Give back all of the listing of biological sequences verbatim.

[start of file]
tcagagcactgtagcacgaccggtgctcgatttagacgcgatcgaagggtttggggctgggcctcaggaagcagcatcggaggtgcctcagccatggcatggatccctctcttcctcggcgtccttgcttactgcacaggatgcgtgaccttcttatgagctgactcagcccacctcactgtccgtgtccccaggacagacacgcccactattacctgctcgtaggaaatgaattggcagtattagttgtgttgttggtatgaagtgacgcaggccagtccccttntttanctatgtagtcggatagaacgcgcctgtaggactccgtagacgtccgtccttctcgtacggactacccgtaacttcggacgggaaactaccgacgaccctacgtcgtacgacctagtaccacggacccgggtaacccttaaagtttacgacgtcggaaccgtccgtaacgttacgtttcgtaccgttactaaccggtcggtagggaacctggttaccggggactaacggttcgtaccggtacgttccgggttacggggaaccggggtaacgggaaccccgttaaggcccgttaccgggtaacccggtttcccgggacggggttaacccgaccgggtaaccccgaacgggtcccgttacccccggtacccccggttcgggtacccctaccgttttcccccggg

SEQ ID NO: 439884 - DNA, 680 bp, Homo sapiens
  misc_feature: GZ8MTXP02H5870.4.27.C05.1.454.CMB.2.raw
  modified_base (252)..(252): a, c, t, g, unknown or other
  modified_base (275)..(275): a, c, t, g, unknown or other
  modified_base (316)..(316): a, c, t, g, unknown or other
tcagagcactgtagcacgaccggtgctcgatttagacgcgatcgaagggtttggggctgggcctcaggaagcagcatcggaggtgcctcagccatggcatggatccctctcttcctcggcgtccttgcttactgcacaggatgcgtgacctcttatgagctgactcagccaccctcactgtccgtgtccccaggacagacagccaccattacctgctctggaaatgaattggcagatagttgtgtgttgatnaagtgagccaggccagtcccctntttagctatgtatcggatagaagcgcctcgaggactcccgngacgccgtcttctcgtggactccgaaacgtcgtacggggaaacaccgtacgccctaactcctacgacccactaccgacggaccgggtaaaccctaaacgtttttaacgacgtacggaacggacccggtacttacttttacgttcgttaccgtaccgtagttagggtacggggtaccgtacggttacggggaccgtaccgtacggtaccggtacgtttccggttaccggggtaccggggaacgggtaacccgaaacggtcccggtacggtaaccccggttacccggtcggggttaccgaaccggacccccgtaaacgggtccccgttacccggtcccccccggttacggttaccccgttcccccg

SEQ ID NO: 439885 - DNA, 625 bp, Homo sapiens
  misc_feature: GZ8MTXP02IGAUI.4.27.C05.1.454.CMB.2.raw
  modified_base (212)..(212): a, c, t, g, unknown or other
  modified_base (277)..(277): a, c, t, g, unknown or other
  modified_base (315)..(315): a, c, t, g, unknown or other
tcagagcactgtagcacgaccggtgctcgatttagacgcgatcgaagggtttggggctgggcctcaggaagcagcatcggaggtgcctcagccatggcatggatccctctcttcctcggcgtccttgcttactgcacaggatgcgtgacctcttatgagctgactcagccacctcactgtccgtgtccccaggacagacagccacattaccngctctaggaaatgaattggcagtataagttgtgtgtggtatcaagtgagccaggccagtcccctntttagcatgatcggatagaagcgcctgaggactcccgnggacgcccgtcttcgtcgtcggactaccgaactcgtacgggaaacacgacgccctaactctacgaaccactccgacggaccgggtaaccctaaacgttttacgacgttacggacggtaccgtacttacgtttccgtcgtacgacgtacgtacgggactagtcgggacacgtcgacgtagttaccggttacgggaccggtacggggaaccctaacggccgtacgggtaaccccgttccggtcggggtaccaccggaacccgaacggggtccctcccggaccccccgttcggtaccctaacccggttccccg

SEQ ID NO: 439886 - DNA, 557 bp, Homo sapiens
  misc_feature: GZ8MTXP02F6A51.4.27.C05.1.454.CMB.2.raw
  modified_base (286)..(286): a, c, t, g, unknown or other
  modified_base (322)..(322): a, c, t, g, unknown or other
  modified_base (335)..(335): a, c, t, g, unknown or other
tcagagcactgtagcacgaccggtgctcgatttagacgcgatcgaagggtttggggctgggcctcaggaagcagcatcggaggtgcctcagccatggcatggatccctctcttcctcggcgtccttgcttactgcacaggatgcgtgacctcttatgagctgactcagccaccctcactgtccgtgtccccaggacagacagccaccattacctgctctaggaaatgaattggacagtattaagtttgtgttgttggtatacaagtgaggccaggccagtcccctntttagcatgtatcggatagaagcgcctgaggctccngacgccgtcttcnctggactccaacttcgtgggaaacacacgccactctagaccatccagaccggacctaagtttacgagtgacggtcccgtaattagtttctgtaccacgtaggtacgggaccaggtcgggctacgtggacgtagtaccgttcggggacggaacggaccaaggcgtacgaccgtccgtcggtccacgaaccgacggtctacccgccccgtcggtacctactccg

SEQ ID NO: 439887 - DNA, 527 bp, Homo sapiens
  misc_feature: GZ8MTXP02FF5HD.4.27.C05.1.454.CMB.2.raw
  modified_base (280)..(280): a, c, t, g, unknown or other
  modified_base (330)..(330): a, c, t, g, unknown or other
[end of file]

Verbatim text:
tcagagcactgtagcacgaccggtgctcgatttagacgcgatcgaagggtttggggctgggcctcaggaagcagcatcggaggtgcctcagccatggcatggatccctctcttcctcggcgtccttgcttactgcacaggatgcgtgaccttcttatgagctgactcagcccacctcactgtccgtgtccccaggacagacacgcccactattacctgctcgtaggaaatgaattggcagtattagttgtgttgttggtatgaagtgacgcaggccagtccccttntttanctatgtagtcggatagaacgcgcctgtaggactccgtagacgtccgtccttctcgtacggactacccgtaacttcggacgggaaactaccgacgaccctacgtcgtacgacctagtaccacggacccgggtaacccttaaagtttacgacgtcggaaccgtccgtaacgttacgtttcgtaccgttactaaccggtcggtagggaacctggttaccggggactaacggttcgtaccggtacgttccgggttacggggaaccggggtaacgggaaccccgttaaggcccgttaccgggtaacccggtttcccgggacggggttaacccgaccgggtaaccccgaacgggtcccgttacccccggtacccccggttcgggtacccctaccgttttcccccggg

SEQ ID NO: 439884 - DNA, 680 bp, Homo sapiens
  misc_feature: GZ8MTXP02H5870.4.27.C05.1.454.CMB.2.raw
  modified_base (252)..(252): a, c, t, g, unknown or other
  modified_base (275)..(275): a, c, t, g, unknown or other
  modified_base (316)..(316): a, c, t, g, unknown or other
tcagagcactgtagcacgaccggtgctcgatttagacgcgatcgaagggtttggggctgggcctcaggaagcagcatcggaggtgcctcagccatggcatggatccctctcttcctcggcgtccttgcttactgcacaggatgcgtgacctcttatgagctgactcagccaccctcactgtccgtgtccccaggacagacagccaccattacctgctctggaaatgaattggcagatagttgtgtgttgatnaagtgagccaggccagtcccctntttagctatgtatcggatagaagcgcctcgaggactcccgngacgccgtcttctcgtggactccgaaacgtcgtacggggaaacaccgtacgccctaactcctacgacccactaccgacggaccgggtaaaccctaaacgtttttaacgacgtacggaacggacccggtacttacttttacgttcgttaccgtaccgtagttagggtacggggtaccgtacggttacggggaccgtaccgtacggtaccggtacgtttccggttaccggggtaccggggaacgggtaacccgaaacggtcccggtacggtaaccccggttacccggtcggggttaccgaaccggacccccgtaaacgggtccccgttacccggtcccccccggttacggttaccccgttcccccg

SEQ ID NO: 439885 - DNA, 625 bp, Homo sapiens
  misc_feature: GZ8MTXP02IGAUI.4.27.C05.1.454.CMB.2.raw
  modified_base (212)..(212): a, c, t, g, unknown or other
  modified_base (277)..(277): a, c, t, g, unknown or other
  modified_base (315)..(315): a, c, t, g, unknown or other
tcagagcactgtagcacgaccggtgctcgatttagacgcgatcgaagggtttggggctgggcctcaggaagcagcatcggaggtgcctcagccatggcatggatccctctcttcctcggcgtccttgcttactgcacaggatgcgtgacctcttatgagctgactcagccacctcactgtccgtgtccccaggacagacagccacattaccngctctaggaaatgaattggcagtataagttgtgtgtggtatcaagtgagccaggccagtcccctntttagcatgatcggatagaagcgcctgaggactcccgnggacgcccgtcttcgtcgtcggactaccgaactcgtacgggaaacacgacgccctaactctacgaaccactccgacggaccgggtaaccctaaacgttttacgacgttacggacggtaccgtacttacgtttccgtcgtacgacgtacgtacgggactagtcgggacacgtcgacgtagttaccggttacgggaccggtacggggaaccctaacggccgtacgggtaaccccgttccggtcggggtaccaccggaacccgaacggggtccctcccggaccccccgttcggtaccctaacccggttccccg

SEQ ID NO: 439886 - DNA, 557 bp, Homo sapiens
  misc_feature: GZ8MTXP02F6A51.4.27.C05.1.454.CMB.2.raw
  modified_base (286)..(286): a, c, t, g, unknown or other
  modified_base (322)..(322): a, c, t, g, unknown or other
  modified_base (335)..(335): a, c, t, g, unknown or other
tcagagcactgtagcacgaccggtgctcgatttagacgcgatcgaagggtttggggctgggcctcaggaagcagcatcggaggtgcctcagccatggcatggatccctctcttcctcggcgtccttgcttactgcacaggatgcgtgacctcttatgagctgactcagccaccctcactgtccgtgtccccaggacagacagccaccattacctgctctaggaaatgaattggacagtattaagtttgtgttgttggtatacaagtgaggccaggccagtcccctntttagcatgtatcggatagaagcgcctgaggctccngacgccgtcttcnctggactccaacttcgtgggaaacacacgccactctagaccatccagaccggacctaagtttacgagtgacggtcccgtaattagtttctgtaccacgtaggtacgggaccaggtcgggctacgtggacgtagtaccgttcggggacggaacggaccaaggcgtacgaccgtccgtcggtccacgaaccgacggtctacccgccccgtcggtacctactccg

SEQ ID NO: 439887 - DNA, 527 bp, Homo sapiens
  misc_feature: GZ8MTXP02FF5HD.4.27.C05.1.454.CMB.2.raw
  modified_base (280)..(280): a, c, t, g, unknown or other
  modified_base (330)..(330): a, c, t, g, unknown or other